Young Frankenstein Ensemble is Like High School All Over Again

She lied to us!

Two months ago I auditioned for Santa Maria Civic Theatre’s production of Young Frankenstein. At the time, director Sally Buchanan promised me (along with everyone else) that there was very little dancing in the show. I’d like to state, for the record, that this was a bald face lie. Not counting the small incidental songs, this show has NINE song and dance numbers. One of them is a full on tap dance.

Luckily for me (and also for you) I don’t actually tap dance. As Inspector Kemp, I get to sit and watch the rest of my villagers dance with Dr Fronkensteen and his monster. If I HAD been in the number, we’d still be rehearsing it, day and night (dancing is not my strong suit). The other seven members of the Young Frankenstein ensemble, many of whom had never even worn tap shoes, perform a confident and elegant dance number.

Let me tell you a tail…

Being a part of the Young Frankenstein ensemble is like high school all over again. Back then I was in a production of the Hobbit. My role was the grumpy red dragon, Smaug. Not his voice. I played the tail. It was my job to stick this seven-foot-long papier-mâché monstrosity out from the side of the stage and wiggle it back and forth. One night I wiggled it a bit too much and it broke. During the performance, I had to repair it with a broom stick and about two miles of duct tape.

For me, theatre will always be about the dichotomy of the quiet, dark, and frantic world of backstage paired with the bright, smiling on-stage production. I spent over two years traveling the country as a Tour Actor/Director with an organization called Missoula Children’s Theater. During those two years I directed children at 72 different theaters, high school gyms, churches, and one park pagoda. Let’s just say, I spent a lot of time backstage.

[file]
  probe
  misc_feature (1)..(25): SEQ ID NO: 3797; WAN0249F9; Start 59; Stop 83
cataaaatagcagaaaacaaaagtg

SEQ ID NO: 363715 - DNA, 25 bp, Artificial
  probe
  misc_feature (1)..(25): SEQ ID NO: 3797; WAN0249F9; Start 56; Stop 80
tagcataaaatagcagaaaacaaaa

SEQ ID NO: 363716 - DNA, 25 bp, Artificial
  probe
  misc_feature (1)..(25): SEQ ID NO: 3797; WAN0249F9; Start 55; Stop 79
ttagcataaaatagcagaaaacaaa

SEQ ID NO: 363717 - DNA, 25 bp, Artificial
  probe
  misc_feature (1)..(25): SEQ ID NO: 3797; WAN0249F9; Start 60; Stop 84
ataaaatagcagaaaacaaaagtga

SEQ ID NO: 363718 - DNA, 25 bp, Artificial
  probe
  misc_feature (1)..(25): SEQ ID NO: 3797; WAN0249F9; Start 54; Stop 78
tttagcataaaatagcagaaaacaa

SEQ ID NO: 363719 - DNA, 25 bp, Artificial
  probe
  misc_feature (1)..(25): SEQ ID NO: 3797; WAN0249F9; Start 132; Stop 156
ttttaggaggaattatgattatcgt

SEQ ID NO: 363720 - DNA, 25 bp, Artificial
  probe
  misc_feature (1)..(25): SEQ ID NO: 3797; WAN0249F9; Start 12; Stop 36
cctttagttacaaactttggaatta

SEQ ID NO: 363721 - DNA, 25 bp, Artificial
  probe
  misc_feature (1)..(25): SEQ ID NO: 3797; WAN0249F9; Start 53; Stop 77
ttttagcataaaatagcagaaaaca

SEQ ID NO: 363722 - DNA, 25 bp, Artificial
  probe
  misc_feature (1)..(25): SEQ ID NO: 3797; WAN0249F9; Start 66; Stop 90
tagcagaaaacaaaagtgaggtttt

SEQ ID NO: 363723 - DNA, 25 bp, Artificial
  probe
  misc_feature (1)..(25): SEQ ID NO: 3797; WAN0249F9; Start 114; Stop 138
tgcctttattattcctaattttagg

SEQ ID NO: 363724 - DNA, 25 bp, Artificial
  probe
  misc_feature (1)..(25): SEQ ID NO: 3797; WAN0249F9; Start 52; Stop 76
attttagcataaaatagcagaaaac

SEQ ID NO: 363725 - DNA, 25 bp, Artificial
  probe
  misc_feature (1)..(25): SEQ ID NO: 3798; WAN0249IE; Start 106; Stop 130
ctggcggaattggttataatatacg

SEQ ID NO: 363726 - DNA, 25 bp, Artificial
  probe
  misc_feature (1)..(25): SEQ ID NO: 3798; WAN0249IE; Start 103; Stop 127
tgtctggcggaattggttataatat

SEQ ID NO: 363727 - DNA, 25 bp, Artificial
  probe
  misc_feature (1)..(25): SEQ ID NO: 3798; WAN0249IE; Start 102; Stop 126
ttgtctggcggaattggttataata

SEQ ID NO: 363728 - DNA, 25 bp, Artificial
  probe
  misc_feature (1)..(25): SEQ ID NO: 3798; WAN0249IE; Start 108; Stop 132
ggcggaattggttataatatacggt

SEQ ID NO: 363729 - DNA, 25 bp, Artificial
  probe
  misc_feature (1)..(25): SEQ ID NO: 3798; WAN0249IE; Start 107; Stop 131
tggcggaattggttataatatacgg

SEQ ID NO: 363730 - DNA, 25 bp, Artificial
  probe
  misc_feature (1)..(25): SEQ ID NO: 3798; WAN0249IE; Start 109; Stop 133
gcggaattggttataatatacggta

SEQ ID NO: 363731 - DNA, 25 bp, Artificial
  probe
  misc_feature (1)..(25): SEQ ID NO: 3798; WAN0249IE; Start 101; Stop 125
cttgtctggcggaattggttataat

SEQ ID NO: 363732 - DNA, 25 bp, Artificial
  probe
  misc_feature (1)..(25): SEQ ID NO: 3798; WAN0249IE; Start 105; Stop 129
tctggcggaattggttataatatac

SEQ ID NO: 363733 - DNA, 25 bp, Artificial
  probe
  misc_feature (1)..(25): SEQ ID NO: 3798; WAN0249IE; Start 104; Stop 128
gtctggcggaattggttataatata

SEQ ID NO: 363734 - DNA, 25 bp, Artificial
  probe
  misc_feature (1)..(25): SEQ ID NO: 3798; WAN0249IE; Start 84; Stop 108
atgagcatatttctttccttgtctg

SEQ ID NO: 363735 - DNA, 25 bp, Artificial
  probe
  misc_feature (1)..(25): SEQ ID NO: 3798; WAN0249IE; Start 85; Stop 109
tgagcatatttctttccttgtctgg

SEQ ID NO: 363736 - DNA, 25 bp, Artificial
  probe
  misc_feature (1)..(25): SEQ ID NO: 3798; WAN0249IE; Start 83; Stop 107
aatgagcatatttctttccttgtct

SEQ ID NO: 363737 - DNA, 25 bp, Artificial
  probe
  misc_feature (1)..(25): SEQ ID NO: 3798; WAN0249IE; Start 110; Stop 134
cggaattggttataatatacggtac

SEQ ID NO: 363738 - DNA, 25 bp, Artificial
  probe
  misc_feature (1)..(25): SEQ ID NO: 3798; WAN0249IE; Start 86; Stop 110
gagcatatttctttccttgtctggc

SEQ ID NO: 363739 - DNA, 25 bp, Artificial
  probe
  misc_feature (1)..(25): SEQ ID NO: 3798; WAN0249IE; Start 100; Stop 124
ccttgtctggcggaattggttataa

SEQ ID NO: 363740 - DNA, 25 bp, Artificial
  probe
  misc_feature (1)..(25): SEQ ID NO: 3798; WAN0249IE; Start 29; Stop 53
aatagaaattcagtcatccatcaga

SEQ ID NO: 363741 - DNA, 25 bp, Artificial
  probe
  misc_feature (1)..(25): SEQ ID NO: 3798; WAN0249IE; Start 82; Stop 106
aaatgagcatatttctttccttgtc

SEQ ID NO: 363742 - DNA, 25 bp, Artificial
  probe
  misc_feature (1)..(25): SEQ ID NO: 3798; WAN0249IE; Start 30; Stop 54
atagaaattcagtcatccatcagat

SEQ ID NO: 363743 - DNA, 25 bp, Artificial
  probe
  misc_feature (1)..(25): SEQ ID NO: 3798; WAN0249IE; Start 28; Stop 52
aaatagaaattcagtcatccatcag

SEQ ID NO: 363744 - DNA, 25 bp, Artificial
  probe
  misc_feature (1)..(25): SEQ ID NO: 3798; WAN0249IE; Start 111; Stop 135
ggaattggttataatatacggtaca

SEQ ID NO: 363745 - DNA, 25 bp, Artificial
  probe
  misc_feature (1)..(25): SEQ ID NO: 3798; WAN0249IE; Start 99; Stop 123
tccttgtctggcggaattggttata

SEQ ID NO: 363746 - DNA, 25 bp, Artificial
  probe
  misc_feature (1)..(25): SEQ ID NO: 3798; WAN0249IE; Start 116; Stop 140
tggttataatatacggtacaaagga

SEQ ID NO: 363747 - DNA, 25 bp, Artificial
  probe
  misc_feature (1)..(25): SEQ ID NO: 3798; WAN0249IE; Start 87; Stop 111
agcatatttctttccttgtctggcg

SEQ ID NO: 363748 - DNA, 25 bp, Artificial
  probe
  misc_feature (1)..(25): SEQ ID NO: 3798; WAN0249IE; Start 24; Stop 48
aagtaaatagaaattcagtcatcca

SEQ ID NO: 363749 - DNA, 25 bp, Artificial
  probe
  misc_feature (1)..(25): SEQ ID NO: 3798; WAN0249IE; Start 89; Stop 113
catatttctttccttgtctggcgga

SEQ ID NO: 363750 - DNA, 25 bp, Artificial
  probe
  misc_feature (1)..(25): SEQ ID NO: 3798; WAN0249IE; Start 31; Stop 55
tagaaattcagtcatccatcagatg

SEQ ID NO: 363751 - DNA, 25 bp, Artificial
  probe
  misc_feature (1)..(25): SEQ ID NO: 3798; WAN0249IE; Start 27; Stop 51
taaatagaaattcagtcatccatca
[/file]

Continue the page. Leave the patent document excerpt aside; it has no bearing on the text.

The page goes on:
Sometimes it’s hot back there, and you fan the faces of your actors with your script. Sometimes it’s cold and they huddle for warmth against each other in their bright costumes. Sometimes it’s an expansive cavernous space in a 15,000 seat theater, and sometimes it’s the tiny stage in an elementary school cafeteria. It’s always quiet backstage though. A quiet that hums with the silent energy of actors holding their breath and nervously waiting for their turn.

Shrouded in Mystery

Sally did something different with our backstage. Something I’ve never seen at the Santa Maria Civic Theatre in the last twenty years. She took down the high fake walls we call flats and put up side curtains called wings. It gives on stage a sense of theatrical majesty you don’t get with a fully representational set. It also makes the backstage much more inclusive because now we can actually watch the action on stage while waiting for our turn.

Young Frankenstein Ensemble

I’ve been a part of this theatre for a long time, and this is my fifth play with the Santa Maria Civic Theatre since I stopped touring with MCT. It’s my first musical (that isn’t a cast of 60+ school children). Young Frankenstein is also the best time I’ve had backstage since high school.

Now don’t get me wrong, I think the highest praise you can get as a cast member is “You are such a professional”. I did a lot of work learning lines and making a character as Felix Humble in last year’s Humble Boy. At the end of the run, I felt like the cast truly created something together.

This show is different somehow. It feels less like sculpting and more like just squishing the clay between your fingers. Everyone always says this, but being part of the Young Frankenstein ensemble is like being part of a family. At some point between frantically pulling off lab coats, tying up the tap shoes, and zipping up each other’s dresses the play came together as a something more than just learning lines and songs. It’s about bursting together from that shadowy dark world of backstage and then rushing back again, tumbling over each other like puppies, and asking those magical four words, “What’s the next scene?”

Starting Soon!

Come and see the fun starting October 20th. Tickets are already on sale. Trust me, you won’t regret it.

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